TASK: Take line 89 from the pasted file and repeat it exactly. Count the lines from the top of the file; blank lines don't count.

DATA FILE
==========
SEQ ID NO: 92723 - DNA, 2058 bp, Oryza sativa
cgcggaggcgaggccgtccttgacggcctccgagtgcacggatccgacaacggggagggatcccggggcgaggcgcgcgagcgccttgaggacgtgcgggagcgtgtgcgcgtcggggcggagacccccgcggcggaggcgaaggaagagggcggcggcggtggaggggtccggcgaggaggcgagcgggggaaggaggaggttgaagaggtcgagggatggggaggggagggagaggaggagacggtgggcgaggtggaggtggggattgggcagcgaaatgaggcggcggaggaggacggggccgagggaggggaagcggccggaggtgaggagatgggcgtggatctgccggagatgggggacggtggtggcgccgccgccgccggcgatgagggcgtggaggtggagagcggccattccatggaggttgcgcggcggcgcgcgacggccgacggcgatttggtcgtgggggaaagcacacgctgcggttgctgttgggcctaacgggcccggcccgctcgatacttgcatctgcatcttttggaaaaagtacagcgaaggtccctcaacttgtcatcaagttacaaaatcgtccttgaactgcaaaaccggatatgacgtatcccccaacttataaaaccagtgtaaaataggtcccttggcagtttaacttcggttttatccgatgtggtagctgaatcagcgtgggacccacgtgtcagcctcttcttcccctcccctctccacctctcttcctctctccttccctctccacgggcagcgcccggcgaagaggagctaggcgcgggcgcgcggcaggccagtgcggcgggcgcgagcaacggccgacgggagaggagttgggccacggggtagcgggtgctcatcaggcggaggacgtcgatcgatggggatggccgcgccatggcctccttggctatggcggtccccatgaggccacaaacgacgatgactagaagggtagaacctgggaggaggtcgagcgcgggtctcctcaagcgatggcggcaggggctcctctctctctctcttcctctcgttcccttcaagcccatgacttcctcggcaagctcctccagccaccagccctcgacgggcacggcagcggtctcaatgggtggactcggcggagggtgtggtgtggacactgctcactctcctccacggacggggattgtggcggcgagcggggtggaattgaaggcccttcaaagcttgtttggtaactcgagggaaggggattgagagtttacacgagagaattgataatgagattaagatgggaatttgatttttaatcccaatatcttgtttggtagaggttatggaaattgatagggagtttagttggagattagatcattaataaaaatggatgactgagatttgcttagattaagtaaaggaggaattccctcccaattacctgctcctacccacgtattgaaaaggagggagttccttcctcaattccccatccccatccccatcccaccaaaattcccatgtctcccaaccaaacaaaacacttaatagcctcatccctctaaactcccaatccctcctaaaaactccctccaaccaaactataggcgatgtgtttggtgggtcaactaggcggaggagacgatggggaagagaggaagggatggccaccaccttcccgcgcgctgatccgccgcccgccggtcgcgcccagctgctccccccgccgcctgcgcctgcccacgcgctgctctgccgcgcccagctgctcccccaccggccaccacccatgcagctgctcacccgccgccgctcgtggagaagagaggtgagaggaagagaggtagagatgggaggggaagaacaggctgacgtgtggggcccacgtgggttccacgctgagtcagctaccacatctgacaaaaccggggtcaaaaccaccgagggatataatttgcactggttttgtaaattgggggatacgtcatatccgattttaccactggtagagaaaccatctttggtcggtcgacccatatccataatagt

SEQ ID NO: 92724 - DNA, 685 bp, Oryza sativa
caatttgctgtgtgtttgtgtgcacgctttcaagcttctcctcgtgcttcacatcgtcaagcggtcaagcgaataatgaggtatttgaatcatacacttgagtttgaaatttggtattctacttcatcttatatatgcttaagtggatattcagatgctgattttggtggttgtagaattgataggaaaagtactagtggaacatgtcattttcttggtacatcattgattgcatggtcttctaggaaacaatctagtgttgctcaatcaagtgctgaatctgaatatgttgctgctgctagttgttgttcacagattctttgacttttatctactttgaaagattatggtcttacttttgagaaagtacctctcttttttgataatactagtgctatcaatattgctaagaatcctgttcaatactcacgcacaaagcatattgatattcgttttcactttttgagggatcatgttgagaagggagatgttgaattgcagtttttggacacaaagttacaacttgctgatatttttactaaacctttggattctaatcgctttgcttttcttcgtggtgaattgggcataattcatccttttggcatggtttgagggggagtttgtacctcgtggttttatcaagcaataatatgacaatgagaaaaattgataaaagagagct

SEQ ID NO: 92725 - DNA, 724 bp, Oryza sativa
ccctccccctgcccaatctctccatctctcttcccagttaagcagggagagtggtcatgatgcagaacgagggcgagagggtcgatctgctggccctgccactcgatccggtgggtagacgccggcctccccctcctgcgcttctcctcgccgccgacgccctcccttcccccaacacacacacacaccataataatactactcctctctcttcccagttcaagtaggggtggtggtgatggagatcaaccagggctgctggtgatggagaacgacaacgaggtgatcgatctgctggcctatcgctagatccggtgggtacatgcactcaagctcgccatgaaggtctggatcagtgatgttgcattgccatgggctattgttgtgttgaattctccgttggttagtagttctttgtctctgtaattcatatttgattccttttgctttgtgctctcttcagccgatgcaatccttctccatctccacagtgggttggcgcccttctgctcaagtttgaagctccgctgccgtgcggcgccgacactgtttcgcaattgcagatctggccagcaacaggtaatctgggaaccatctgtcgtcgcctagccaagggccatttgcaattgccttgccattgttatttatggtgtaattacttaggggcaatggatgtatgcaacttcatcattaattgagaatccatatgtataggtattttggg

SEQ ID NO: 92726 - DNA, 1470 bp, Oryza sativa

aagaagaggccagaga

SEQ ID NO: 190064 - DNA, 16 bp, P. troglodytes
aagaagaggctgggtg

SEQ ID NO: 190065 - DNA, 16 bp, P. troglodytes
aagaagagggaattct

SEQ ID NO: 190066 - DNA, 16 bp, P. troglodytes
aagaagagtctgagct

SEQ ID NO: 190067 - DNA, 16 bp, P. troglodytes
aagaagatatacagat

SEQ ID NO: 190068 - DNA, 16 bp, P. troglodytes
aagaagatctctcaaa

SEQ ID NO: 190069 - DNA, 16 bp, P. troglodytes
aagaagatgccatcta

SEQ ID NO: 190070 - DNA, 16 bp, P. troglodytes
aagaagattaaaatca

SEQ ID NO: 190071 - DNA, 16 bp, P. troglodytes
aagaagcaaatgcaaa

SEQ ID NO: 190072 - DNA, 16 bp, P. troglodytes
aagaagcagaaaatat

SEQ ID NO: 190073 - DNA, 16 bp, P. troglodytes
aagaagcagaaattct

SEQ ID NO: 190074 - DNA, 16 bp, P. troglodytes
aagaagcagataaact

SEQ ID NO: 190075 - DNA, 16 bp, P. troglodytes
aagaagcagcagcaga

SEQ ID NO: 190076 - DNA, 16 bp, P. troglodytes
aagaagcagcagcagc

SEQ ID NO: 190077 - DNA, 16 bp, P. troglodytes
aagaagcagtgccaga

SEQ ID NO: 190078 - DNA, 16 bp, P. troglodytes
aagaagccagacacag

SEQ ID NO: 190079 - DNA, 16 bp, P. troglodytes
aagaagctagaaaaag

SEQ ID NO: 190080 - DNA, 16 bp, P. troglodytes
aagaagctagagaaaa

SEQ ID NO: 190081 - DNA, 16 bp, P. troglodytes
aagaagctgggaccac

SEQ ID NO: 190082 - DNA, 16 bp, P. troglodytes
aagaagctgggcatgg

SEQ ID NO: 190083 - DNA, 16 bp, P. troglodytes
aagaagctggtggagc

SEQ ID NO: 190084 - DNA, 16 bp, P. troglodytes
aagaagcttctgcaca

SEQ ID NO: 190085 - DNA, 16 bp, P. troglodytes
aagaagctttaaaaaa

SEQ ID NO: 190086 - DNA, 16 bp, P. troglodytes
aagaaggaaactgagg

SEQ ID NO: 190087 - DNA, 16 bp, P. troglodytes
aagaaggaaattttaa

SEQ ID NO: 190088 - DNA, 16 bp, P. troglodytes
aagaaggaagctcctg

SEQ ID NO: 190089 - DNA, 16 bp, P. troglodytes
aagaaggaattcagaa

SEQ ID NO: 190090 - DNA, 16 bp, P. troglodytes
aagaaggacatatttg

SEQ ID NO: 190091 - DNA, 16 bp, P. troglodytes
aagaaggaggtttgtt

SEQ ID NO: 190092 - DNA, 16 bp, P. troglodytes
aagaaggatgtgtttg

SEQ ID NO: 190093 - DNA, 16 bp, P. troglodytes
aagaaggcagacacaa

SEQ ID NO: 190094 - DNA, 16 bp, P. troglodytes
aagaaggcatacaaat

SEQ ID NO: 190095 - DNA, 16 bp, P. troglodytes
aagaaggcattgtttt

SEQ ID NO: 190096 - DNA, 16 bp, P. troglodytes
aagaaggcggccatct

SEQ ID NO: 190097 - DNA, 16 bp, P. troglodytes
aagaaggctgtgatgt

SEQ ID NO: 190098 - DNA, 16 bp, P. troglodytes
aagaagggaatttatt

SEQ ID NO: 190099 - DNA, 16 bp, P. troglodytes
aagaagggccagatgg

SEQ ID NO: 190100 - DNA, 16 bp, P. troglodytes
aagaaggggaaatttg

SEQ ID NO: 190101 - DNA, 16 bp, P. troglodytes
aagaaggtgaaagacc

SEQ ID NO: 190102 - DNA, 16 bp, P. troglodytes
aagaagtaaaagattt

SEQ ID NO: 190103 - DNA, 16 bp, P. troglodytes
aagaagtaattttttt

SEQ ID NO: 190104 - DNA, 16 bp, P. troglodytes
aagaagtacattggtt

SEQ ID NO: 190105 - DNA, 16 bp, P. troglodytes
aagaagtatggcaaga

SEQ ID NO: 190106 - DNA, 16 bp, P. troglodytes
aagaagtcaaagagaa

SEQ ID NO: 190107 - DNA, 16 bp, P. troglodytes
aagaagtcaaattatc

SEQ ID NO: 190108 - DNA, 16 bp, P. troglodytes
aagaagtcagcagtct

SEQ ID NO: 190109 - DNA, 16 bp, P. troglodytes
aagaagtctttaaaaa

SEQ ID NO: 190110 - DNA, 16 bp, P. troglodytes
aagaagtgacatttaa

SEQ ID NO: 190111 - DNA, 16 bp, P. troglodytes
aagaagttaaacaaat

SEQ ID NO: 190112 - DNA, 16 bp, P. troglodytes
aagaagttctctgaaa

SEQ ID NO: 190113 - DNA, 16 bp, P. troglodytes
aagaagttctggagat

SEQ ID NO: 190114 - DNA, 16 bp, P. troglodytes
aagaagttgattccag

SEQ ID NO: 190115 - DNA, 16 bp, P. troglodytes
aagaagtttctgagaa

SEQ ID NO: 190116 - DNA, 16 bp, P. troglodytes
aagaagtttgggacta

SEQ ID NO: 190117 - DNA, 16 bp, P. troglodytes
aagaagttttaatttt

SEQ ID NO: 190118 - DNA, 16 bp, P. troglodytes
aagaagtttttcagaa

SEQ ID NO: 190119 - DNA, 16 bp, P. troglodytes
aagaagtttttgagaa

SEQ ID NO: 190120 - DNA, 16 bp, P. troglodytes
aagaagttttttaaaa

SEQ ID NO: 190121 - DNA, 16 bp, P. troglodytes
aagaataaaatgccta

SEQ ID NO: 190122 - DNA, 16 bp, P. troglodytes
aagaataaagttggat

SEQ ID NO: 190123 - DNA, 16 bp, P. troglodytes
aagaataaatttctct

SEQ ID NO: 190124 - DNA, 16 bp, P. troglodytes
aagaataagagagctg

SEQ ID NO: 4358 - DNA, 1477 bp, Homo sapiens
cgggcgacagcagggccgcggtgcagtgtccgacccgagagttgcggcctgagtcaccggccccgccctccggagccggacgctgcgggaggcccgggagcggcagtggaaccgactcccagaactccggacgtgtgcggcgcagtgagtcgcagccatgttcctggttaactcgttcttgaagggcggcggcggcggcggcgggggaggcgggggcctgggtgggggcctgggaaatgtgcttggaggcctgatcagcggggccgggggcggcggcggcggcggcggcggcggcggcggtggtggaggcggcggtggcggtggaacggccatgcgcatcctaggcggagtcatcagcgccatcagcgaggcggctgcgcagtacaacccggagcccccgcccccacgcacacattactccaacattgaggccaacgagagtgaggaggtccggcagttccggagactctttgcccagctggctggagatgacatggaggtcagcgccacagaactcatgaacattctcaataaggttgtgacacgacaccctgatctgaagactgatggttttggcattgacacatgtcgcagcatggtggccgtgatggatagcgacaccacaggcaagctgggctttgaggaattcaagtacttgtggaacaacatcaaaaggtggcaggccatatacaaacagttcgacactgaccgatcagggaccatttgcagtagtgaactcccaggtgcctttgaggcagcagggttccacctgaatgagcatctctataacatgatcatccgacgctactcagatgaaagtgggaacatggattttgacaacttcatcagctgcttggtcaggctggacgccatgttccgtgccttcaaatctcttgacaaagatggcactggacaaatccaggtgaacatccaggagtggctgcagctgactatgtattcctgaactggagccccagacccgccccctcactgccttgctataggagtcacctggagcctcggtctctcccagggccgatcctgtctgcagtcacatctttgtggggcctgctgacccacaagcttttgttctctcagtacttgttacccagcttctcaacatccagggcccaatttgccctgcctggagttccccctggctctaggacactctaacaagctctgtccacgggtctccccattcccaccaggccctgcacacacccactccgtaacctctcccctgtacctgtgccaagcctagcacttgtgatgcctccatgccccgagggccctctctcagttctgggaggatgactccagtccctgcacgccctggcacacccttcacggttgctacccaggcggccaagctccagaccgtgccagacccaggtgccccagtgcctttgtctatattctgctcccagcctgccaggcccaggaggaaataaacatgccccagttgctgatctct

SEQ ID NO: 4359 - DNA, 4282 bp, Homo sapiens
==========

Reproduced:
SEQ ID NO: 190104 - DNA, 16 bp, P. troglodytes